Written by: Gurmit Kaur (4512192) & Araz Albeg (3920676), Victoria University Melbourne, Australia.
“Each culture has its sayings and songs about the importance of home, and the comfort and security to be found there. Yet for many women, home is a place of pain and humiliation … violence against women by their male partners is common, wide-spread and far-reaching in its impact. For too long hidden behind closed doors and avoided in public discourse, such violence can no longer be denied as part of everyday life for millions of women” (Liesl Mitchell).
The blog is what is described in this quote; issue of family domestic violence.
As Masters Students studying in Victoria University, we are inspired to write this blog to analyse the data related to domestic violence by using a powerful tool of visualisation that is SAP Lumira by our most respected and influential mentors Associate Professor Paul Hawking and Doctor Scott Bingley as a part of our course assessment. It is most inspiring and learning enhancing experience for us as it is our first time to write a blog.
For the sake of preparing this project we collected data related to domestic violence in Victoria from different sources like Australian Bureau of Statistics (ABS), AIC (Australian Institute of Criminology), Local Government Areas (LGAs) and Victorian police and analysed and visualised it using SAP Lumira which was introduced to us in our Business Analytics (BCO6007) class in Victoria University.
Domestic violence occurs in many forms and it includes violent, abusive or intimidating behaviour of a family member, carer or partner or ex-partner to control, dominate physically or psychologically or instil fear. The various aspects of domestic violence includes:
- Verbal: humiliating in public or in private and attacking on one’s image
- Physical violence: direct assault on the body of victim
- Psychological: threatening the person by destroying property, driving dangerously and threatening to ‘out’ the person
- Sexual abuse: Harassing and stalking sexually
- Emotional: Emotional blackmail or suicidal threatening or undermining one’s self esteem
- Social: Isolating victim from family and friends by restricting going out and meeting people and using telephone
- Financial: controlling the victims access to money and property
Domestic violence can affect anyone in the community, regardless of age, sexual or gender identity, race, culture, ethnicity, disability, religion, economic status or location. And domestic violence is not limited to one type of relationship or one social group. Various types of relationships are recognised within the category of ‘domestic’ including:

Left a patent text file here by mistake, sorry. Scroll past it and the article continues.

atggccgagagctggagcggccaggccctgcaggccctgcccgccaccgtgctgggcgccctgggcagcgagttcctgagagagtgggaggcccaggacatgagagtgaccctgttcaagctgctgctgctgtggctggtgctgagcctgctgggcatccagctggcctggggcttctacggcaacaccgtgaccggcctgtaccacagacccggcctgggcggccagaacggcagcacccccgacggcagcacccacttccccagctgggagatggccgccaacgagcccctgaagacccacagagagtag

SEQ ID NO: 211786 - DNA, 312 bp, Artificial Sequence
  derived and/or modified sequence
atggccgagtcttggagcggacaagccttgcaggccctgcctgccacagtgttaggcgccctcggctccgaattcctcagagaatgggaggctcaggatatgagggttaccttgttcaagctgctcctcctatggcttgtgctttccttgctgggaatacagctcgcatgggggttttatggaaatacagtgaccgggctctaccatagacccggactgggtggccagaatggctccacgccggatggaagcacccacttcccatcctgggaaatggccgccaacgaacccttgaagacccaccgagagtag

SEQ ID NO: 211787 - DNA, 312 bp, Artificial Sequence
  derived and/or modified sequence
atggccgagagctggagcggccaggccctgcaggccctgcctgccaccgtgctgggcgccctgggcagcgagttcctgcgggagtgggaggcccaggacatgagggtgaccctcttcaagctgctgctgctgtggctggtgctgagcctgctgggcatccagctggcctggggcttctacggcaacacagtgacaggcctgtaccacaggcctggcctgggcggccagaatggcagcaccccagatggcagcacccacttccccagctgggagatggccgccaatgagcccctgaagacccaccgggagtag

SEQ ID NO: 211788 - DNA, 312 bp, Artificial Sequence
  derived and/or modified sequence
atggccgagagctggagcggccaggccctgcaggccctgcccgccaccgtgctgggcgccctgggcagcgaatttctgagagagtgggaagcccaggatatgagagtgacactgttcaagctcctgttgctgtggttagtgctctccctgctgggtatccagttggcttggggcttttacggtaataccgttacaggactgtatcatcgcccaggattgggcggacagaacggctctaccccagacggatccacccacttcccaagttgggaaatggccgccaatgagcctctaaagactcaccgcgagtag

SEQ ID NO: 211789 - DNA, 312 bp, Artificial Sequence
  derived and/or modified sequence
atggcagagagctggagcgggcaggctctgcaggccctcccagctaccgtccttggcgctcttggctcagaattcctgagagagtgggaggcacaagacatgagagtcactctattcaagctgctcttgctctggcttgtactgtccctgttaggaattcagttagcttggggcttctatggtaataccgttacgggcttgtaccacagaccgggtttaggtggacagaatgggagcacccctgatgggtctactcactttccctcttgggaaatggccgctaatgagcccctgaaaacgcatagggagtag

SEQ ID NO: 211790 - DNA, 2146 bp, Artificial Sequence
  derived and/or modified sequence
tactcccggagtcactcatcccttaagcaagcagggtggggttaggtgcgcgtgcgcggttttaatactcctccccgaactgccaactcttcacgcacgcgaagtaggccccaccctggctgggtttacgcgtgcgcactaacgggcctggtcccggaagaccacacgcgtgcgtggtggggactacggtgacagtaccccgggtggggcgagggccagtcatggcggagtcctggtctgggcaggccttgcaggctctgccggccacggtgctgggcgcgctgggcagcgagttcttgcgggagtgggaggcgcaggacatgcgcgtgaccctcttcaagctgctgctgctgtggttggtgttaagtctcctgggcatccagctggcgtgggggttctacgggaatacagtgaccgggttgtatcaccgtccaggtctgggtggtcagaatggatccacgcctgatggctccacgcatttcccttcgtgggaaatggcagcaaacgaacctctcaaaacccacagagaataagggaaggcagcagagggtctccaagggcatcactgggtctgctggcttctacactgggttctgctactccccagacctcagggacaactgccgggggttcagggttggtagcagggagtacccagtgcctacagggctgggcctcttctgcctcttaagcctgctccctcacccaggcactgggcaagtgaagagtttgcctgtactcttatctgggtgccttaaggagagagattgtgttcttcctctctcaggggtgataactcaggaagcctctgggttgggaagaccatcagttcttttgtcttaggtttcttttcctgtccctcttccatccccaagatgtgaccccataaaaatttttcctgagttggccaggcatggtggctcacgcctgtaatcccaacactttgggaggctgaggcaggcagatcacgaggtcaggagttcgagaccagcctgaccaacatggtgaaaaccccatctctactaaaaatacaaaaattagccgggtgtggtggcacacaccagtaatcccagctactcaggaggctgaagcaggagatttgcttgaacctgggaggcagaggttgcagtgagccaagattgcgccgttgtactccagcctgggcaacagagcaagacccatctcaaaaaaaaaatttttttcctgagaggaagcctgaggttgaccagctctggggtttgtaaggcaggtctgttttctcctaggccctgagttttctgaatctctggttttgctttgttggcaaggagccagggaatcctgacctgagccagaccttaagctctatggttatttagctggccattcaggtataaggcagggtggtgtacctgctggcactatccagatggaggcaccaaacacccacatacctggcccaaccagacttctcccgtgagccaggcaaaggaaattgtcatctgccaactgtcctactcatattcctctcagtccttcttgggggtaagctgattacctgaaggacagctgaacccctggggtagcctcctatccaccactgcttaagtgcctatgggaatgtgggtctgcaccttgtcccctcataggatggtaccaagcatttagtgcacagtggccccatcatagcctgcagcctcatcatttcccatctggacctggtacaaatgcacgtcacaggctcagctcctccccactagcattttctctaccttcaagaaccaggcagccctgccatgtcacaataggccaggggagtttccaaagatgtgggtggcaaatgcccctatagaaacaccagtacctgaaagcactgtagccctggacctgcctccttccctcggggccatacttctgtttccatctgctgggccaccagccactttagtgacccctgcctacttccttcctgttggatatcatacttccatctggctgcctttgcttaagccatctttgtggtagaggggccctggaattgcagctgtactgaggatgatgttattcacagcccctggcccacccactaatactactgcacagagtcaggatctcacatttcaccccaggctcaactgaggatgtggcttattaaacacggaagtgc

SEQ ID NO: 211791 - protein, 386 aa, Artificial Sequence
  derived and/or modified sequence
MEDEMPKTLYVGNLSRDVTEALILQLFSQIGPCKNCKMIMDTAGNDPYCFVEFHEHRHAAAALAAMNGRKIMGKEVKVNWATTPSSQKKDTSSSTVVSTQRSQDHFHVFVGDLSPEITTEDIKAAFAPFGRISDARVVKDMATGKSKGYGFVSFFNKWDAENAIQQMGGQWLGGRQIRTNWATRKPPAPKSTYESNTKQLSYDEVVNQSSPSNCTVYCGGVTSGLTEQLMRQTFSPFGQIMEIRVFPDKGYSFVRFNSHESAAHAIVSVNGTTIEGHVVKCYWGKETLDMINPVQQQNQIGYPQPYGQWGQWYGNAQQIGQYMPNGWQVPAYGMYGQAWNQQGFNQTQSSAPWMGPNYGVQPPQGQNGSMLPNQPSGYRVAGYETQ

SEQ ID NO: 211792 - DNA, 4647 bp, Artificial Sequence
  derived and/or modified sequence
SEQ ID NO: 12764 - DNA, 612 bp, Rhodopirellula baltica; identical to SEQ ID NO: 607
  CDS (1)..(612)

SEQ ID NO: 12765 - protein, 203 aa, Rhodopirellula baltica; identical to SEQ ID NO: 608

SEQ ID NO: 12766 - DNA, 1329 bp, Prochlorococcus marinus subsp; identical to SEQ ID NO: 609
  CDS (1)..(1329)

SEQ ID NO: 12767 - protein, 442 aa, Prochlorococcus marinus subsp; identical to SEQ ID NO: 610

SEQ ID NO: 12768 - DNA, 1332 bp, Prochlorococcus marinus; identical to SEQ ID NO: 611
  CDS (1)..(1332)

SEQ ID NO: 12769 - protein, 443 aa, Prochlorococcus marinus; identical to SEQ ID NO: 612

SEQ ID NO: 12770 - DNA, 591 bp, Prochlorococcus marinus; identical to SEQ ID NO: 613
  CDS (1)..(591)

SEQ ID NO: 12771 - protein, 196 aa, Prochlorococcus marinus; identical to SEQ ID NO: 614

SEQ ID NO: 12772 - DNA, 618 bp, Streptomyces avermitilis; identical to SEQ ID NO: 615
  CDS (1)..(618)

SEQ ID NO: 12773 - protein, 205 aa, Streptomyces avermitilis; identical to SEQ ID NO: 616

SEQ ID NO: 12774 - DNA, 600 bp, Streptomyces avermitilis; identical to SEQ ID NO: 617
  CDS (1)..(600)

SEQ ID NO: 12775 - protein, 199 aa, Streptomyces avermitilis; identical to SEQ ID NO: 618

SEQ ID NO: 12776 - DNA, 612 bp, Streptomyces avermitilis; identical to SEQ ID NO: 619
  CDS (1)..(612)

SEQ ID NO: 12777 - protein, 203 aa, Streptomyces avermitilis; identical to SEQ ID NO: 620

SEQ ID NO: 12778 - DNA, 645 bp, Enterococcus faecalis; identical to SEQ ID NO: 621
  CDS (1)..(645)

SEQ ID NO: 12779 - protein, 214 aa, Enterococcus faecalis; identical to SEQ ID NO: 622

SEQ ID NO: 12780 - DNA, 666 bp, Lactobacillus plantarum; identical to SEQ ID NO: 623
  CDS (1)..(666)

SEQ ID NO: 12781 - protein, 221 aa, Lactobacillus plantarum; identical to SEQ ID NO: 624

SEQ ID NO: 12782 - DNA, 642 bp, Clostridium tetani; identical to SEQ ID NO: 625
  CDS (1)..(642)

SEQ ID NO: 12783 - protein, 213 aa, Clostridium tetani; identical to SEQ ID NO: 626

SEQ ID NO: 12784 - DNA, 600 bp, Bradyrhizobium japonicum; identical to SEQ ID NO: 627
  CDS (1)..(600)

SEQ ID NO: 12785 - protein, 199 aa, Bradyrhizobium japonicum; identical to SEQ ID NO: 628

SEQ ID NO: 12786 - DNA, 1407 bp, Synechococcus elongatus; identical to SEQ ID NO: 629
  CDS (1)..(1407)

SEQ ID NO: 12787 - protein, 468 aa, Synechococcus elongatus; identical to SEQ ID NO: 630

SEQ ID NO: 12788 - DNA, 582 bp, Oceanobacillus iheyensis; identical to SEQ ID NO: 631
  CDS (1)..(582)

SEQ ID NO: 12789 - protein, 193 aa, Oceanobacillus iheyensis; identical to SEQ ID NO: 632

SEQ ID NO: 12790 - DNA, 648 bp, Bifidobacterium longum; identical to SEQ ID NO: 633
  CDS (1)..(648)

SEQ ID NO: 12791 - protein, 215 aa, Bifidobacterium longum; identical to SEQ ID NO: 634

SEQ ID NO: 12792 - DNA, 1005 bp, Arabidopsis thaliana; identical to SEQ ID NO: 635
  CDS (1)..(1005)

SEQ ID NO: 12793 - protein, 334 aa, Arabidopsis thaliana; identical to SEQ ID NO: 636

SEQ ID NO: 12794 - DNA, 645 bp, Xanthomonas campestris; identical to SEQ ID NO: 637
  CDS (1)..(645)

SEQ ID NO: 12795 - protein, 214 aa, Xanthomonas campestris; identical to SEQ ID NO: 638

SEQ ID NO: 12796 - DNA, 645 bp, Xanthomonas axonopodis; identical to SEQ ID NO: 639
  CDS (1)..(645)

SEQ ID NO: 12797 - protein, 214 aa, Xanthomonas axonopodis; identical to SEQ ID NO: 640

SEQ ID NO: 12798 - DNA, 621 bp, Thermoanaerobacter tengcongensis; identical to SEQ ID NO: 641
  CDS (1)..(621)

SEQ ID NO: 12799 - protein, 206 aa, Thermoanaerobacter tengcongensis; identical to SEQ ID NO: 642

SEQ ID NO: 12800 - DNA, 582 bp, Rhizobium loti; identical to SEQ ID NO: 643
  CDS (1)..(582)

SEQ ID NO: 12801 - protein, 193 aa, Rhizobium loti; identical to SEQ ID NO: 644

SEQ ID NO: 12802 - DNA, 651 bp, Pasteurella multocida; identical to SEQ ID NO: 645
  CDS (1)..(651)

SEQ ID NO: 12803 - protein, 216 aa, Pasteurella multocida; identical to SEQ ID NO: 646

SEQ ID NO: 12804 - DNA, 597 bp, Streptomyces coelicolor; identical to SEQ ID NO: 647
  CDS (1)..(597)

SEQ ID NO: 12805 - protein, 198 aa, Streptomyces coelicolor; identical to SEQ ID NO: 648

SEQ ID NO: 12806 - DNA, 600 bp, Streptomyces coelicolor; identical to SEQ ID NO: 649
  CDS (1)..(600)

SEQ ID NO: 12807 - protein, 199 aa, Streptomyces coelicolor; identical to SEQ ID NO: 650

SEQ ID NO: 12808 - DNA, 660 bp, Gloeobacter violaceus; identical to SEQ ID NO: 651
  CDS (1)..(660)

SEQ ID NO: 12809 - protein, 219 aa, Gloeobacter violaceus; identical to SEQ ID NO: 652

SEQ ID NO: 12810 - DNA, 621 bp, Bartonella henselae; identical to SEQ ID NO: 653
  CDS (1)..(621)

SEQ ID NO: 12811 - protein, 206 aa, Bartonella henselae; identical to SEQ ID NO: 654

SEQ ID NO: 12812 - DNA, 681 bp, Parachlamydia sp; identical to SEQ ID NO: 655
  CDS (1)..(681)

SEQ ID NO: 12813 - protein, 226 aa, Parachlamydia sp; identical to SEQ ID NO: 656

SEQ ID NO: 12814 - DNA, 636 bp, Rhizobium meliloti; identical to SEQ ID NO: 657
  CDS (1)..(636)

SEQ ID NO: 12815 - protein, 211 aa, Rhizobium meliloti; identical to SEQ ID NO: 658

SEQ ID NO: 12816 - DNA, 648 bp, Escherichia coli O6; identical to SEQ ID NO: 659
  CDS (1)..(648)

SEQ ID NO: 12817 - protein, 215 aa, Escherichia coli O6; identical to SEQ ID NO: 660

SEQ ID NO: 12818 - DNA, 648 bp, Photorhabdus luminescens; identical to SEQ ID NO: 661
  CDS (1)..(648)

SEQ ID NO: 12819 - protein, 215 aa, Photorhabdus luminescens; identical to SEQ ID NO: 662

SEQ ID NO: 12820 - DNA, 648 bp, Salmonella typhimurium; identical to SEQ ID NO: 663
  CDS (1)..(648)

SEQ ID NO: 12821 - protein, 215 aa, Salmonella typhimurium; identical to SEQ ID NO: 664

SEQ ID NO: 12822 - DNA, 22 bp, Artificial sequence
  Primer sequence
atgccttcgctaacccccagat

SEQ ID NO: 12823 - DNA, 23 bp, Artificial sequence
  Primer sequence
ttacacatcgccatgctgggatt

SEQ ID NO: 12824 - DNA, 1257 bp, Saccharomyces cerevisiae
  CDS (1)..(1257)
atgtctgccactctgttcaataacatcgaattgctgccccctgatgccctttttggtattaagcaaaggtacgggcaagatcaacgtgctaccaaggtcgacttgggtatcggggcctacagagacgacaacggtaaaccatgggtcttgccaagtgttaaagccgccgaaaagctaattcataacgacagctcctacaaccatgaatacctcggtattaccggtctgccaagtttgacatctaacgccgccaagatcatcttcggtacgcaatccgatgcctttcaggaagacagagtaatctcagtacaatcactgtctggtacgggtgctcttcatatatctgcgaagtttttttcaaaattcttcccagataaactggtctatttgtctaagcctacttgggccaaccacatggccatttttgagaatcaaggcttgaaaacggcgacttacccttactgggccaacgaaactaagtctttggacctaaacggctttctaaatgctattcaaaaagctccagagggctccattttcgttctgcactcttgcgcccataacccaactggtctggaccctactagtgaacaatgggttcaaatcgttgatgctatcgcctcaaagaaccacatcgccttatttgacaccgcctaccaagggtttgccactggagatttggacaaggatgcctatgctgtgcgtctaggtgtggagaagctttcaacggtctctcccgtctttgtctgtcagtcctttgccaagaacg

- Marriage and de facto partnerships
- Intimate personal relationships (boyfriend or girlfriend)
- long term residents in the same residential facility
- Carers; relatives; and in the case of Aboriginal people – extended family or kin. It does not matter whether the relationship is past or current.
By analysing the data it could be said that in Victoria the family incidents offences has been constantly increased from year 2009 till 2014. As most of the incidents often go unreported, it was difficult to measure true extent of domestic violence issue. Family incidents rates were higher than reported incidents in some situations, as the rates are calculated based of 100000 populations. Also the data shows that children and young people may be affected by home violence who presented in the home during the family incidents offences. Which leads to child abuse and further the risk of alcohol and drug abuse and delinquency in later life in the children of victims. It can also impact people not directly experiencing victimisation thus impacting the wider community for example, effects of bullying or aggression by victim families flowing to others.
From above visualisations it is clear that in Victoria alone, domestic violence incidents have been increased from 2009 to 2014. The family violence incidents recorded by police has been doubled in 2013-2014 as compared to 2009-2010. Whereas visualisation 2 shows that the rates of family incidents are higher than those incidents recorded by police service areas (PSA). In 2013-2014, the family incidents reported to police are only half of the incidents actually occurred as evident from the rates, reason being the number of unreported incidents. The increase in number of children (which is 22,429 in 2014) presented during family violence has also been awfully increased at alarming rates raising the serious issue of child abuse as evident from visualisation 3. Whereas Casey, Hume and Frankston are the top three cities with higher number of incidents of family violence recorded by police, areas need more consideration as compared to others.
To conclude, effective measures need to be taken to control domestic violence in our community by improving data collection of domestic violence, improving intervention, public awareness and education programs and focusing on the effects of domestic violence such as development of life cycle of abuse from one generation to another.
Many Thanks to